3 Replies Latest reply on May 13, 2004 11:58 AM by jae

    Compiling JSP

    rfn Newbie

      Could someone send me a sample ant script for compile JSP's for Jboss/Tomcat?

        • 1. Re: Compiling JSP
          Darran Lofthouse Master

          How about putting a little bit of effort in yourself.

          What is wrong with reading the manual?

          • 2. Re: Compiling JSP
            Jim Doble Newbie

            I just recently figured out how to do this. I am using JBoss 3.2.3 configured with Tomcat 5.0. Here is a portion of the ant script I ended up using:

             <java className="org.apache.jasper.JspC" fork="yes"
             failonerror="false" errorproperty="errors">
             <classpath>
             <path refid="jsp-class-path"/>
             <pathelement location="${tools-dir}/linux/jdk/lib/tools.jar"/>
             <pathelement location="${tools-dir}/ant/lib/ant.jar"/>
             </classpath>
             <arg value="-die1"/>
             <arg value="-uriroot"/>
             <arg value="${basedir}/web"/>
             <arg value="-webinc"/>
             <arg value="${basedir}/insert-web.xml"/>
             <arg value="-d"/>
             <arg value="${jsp-src-dir}"/>
             <arg value="-p"/>
             <arg value="${jsp-src-package}"/>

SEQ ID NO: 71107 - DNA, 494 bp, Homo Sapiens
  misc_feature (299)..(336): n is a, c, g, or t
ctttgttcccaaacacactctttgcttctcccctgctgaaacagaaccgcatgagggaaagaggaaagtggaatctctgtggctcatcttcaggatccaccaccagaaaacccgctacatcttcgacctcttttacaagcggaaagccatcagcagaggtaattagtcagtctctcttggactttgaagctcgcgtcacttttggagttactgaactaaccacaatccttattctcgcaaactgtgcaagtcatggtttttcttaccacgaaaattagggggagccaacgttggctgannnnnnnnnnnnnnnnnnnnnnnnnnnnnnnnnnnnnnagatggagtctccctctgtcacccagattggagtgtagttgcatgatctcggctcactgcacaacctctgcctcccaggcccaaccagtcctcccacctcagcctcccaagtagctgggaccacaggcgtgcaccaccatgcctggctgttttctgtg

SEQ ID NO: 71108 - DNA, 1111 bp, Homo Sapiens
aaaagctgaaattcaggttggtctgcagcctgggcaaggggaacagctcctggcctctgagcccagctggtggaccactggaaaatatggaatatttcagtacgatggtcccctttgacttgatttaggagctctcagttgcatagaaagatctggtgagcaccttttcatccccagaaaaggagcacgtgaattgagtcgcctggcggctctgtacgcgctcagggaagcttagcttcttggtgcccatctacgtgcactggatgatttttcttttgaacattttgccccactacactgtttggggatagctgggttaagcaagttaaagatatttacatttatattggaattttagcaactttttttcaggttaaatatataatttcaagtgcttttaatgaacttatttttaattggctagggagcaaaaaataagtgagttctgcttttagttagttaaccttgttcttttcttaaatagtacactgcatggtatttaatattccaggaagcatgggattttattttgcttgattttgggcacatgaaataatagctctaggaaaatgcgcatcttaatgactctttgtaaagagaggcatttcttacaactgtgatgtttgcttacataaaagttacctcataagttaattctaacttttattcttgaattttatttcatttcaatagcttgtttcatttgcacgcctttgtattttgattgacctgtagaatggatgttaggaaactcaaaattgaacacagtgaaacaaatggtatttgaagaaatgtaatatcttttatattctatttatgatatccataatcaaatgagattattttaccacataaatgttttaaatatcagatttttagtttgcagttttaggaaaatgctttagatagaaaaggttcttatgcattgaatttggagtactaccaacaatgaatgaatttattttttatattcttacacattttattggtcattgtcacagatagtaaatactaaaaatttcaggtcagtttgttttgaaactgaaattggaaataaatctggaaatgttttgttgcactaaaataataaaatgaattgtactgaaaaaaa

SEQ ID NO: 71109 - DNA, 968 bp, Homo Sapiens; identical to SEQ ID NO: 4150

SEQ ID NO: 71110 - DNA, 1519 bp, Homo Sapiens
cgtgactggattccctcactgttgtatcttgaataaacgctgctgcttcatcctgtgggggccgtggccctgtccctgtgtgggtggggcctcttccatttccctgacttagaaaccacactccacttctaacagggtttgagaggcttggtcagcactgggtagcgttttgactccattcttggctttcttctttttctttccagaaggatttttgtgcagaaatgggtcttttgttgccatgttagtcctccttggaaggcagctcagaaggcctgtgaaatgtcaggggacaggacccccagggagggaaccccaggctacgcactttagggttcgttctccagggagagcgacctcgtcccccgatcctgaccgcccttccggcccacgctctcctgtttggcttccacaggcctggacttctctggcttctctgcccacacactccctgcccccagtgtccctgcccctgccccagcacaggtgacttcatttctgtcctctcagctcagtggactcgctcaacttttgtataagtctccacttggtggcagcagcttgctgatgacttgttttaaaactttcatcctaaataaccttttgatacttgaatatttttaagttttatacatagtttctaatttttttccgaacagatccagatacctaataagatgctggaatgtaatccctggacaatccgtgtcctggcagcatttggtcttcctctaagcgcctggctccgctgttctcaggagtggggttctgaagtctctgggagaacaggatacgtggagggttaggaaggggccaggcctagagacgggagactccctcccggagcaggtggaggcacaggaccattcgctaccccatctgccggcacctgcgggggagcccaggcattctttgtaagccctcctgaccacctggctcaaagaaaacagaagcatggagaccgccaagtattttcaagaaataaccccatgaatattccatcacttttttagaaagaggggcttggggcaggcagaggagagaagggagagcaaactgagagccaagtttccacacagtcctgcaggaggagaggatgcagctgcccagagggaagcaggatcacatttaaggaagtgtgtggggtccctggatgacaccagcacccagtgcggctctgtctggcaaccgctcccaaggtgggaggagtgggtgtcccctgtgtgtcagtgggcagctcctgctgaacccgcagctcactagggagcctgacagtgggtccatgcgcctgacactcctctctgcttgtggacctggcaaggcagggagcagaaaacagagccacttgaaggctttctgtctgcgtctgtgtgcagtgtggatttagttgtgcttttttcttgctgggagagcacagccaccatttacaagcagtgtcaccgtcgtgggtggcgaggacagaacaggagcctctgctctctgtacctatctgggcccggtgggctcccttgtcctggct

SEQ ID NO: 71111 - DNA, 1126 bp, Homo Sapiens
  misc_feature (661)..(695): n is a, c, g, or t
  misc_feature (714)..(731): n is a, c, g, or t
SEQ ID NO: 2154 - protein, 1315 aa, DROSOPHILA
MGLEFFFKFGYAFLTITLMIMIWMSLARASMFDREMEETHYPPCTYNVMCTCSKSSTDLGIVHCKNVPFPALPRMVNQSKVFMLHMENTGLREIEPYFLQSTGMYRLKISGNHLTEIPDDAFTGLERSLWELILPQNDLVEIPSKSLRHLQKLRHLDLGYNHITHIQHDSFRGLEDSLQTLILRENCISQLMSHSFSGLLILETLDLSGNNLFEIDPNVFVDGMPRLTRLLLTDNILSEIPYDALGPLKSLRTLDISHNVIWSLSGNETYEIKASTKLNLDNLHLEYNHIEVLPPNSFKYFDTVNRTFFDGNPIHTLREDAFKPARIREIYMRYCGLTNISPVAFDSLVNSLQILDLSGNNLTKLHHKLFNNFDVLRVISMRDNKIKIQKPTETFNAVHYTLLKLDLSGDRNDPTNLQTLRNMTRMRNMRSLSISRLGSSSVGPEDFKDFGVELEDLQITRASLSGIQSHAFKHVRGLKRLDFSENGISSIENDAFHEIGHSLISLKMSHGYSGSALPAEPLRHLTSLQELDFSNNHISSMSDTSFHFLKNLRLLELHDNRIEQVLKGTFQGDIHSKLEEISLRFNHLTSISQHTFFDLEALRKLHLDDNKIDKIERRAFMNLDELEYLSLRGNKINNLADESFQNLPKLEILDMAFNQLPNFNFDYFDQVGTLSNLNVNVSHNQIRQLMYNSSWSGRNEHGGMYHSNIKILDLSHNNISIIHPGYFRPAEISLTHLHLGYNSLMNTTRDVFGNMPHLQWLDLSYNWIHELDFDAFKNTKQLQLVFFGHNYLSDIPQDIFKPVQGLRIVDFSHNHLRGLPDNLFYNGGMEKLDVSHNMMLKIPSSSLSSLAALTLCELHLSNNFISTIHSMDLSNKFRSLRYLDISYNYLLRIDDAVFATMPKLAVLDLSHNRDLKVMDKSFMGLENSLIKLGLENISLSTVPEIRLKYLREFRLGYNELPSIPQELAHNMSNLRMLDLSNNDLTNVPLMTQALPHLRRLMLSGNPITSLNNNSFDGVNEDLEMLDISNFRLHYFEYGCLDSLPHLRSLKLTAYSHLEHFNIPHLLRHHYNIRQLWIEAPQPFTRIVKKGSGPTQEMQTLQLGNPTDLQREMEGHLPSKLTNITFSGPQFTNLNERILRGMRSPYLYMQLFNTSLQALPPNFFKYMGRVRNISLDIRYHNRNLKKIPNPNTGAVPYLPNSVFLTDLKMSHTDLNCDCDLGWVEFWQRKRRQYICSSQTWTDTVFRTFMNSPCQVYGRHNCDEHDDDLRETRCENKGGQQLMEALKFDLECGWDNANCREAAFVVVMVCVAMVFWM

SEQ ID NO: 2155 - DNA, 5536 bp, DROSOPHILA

</java>
            
             <condition property="errorsFound">
             <not>
             <equals arg1="${errors}" arg2=""/>
             </not>
             </condition>
            
             <fail message="${errors}" if="errorsFound"/>
            

            Some notes about what is going on here:

            1) There are a number of ways to invoke Jasper, including the jspc ant tag, but I had problems with the jspc tag (Jasper complained that it was giving it an invalid parameter) so I decided to just invoke the class via Java.

            2) The failonerror option didn't work for me (if I set it to true, the build would continue even if Jasper had errors), so I use the errorproperty to put the stderr output into a property which I test after Jasper returns.

            3) You will need to put together your own class path. Some of the jars you are likely to need include: jasper-runtime.jar, jasper-compiler.jar, jsp-api.jar, servlet-api.jar, commons-logging.jar, commons-el.jar, ant.jar, and tools.jar (from the JDK). You may also need other jars depending on what you are doing.

            4) The -uriroot parameter needs to point to a directory that contains your jsps and your WEB-INF directory. There needs to be a web.xml file in the WEB-INF directory.

            5) The -webinc parameter specifies the name of a file where Jasper should write servlet and servlet-mapping definitions. The content of this file will need to be inserted into your web.xml file (see below).

            6) The -d parameter specifies the directory where you want the generated .java files to be written.

            7) The -p parameter specifies the package name you want for your generated classes. Make sure you specify different package names for different web apps, or if you have multiple web apps that use the same jsp names, you will get weird results (i.e. you need to make sure the generated classes are unique).